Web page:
Roger's second name, and the word(s) following Ralph's name are not clear, but as he is described as Prior of Lancaster, it is possible to identify Ralph: Lancaster only had one 14th-century Prior named Ralph, so it must be Ralph Courait/Courrat, who was instated in August 1328 and was dead by 27 July 1337:
This gives us a rather precise date for the production of the manuscript: within 5 years before or after the of summer 1332.

Having made this identification, we can now deduce that the damaged area in the third line of the colophon originally contained the start of Ralph's surname, spelled "Currat":
" ... scribi radulf[us c]ur/rat."
It turns out that the colophon is in fact published by the Benedictines of Bouveret in Colophons (no. 16,796), apparently transcribed from a footnote in the Catalogue général (vol. II, p. 471), with both of them misreading "Currat" as "vir erat".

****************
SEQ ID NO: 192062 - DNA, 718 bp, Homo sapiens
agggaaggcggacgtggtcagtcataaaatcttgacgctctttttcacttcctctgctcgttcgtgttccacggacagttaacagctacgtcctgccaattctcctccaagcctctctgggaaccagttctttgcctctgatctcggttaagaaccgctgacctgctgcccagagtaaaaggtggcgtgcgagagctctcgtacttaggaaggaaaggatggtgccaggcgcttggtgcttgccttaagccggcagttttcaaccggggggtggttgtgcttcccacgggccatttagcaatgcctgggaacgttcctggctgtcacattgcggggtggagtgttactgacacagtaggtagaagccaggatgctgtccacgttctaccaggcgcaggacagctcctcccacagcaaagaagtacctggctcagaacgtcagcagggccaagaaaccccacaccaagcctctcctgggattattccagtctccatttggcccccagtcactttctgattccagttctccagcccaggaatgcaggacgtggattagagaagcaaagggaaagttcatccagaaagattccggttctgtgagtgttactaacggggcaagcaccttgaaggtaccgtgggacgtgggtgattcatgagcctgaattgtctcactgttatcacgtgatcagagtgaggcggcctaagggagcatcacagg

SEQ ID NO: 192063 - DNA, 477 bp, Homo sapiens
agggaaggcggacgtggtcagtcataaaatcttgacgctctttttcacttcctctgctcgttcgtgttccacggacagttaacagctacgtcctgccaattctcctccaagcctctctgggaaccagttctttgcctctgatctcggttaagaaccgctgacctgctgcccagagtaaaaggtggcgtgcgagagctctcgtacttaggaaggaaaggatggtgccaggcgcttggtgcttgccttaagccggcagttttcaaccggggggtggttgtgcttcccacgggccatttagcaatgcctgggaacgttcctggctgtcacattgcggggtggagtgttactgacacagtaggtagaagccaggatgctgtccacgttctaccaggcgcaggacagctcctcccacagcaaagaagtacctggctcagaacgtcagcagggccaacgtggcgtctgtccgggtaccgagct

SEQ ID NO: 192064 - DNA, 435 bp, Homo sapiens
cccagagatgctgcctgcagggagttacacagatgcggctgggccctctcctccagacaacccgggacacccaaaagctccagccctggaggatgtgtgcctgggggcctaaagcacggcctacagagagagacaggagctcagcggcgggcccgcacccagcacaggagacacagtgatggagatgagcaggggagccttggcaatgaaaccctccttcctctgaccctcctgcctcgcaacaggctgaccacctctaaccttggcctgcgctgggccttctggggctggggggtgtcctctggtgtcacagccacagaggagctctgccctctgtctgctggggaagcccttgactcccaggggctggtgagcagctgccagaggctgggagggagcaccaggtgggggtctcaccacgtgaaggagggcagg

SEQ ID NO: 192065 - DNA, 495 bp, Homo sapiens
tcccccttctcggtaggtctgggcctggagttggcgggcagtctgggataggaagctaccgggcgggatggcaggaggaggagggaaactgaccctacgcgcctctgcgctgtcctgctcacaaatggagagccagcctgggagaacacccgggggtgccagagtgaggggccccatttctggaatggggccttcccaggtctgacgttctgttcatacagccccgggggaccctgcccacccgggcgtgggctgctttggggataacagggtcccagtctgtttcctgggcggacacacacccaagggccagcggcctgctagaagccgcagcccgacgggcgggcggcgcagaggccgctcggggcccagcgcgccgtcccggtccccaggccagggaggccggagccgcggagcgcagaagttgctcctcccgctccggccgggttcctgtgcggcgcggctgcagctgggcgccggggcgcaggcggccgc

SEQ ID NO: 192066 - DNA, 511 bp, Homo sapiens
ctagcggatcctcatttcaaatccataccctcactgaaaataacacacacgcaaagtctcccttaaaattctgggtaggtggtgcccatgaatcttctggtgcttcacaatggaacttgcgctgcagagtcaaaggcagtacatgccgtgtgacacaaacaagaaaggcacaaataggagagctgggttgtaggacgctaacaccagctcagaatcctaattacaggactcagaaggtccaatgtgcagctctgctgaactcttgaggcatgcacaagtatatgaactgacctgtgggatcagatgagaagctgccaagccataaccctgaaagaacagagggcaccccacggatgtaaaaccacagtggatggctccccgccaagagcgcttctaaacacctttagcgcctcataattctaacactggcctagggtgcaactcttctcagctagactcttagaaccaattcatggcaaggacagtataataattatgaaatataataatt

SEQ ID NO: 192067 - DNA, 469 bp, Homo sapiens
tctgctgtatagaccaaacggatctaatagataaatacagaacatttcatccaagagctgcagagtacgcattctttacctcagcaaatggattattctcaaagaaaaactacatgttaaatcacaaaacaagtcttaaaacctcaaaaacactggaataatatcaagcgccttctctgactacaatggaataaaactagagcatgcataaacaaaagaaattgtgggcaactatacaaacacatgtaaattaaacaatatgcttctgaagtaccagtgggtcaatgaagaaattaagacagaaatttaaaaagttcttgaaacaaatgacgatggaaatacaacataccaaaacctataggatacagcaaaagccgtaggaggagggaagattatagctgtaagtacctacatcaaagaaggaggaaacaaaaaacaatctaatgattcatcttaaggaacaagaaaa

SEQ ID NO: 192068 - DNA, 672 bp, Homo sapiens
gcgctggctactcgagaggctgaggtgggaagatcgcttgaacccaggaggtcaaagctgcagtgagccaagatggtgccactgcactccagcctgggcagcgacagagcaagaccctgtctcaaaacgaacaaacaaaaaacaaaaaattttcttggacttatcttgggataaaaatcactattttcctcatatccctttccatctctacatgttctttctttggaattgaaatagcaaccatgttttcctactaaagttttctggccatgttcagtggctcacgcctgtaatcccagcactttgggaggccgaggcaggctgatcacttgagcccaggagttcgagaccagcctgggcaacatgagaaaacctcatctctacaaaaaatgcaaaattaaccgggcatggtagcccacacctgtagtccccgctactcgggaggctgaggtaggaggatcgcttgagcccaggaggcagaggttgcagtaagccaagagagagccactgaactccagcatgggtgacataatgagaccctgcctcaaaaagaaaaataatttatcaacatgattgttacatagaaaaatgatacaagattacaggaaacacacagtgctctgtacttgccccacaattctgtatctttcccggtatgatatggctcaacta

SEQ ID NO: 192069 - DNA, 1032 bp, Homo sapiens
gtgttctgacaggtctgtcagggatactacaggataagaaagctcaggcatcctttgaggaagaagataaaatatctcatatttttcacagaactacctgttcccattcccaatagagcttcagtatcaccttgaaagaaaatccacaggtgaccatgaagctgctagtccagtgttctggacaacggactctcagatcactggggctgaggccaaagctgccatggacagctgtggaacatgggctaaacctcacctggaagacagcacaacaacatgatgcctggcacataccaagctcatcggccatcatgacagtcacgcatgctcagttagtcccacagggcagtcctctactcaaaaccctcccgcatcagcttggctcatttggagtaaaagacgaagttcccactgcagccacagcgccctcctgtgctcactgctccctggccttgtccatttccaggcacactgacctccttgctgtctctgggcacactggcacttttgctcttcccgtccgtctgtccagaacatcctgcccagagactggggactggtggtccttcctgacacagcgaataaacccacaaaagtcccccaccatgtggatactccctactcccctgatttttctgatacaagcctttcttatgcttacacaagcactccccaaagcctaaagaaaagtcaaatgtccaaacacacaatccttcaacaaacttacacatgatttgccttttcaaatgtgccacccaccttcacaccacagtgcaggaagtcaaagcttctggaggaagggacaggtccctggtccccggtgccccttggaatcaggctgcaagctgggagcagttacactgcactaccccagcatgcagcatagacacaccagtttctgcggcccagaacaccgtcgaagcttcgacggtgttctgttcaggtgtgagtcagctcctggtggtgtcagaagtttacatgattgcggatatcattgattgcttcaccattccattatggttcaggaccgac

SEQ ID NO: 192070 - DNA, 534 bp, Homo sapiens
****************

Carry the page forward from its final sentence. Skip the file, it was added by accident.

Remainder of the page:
But why would an English prior commission such a luxurious manuscript for an abbey in Normandy?  This puzzle was quickly solved: St Mary's Lancaster was an alien priory of St Martin's, Sées:
"The priory of Lancaster was founded by Roger of Poitou, in the reign of William Rufus, as a cell of the Benedictine Abbey of St. Martin at Sées in Normandy. [Source]
In a subsequent post I will look more closely at the text and decoration.



[1] The only copy of this thesis listed online is at the IRHT, Paris. I contacted Hanno Wijsman of the IRHT who reported that the text volume of the thesis is currently mislaid. He also tells me that the Sées manuscripts were studied by Guy Lanoë more than a decade ago, but this work remains unpublished. More recently, a team at the IRHT have been working on new descriptions of the Sées manuscripts, and it is in relation to this project that the Missal has been fully digitized. The project has a blog here.

2 comments:

  1. Thank you. Fascinating read, and a reminder that there's still much that is yet to be discovered and corrected.

    ReplyDelete
  2. Yes, definitely agree! A wonderful discovery,

    ReplyDelete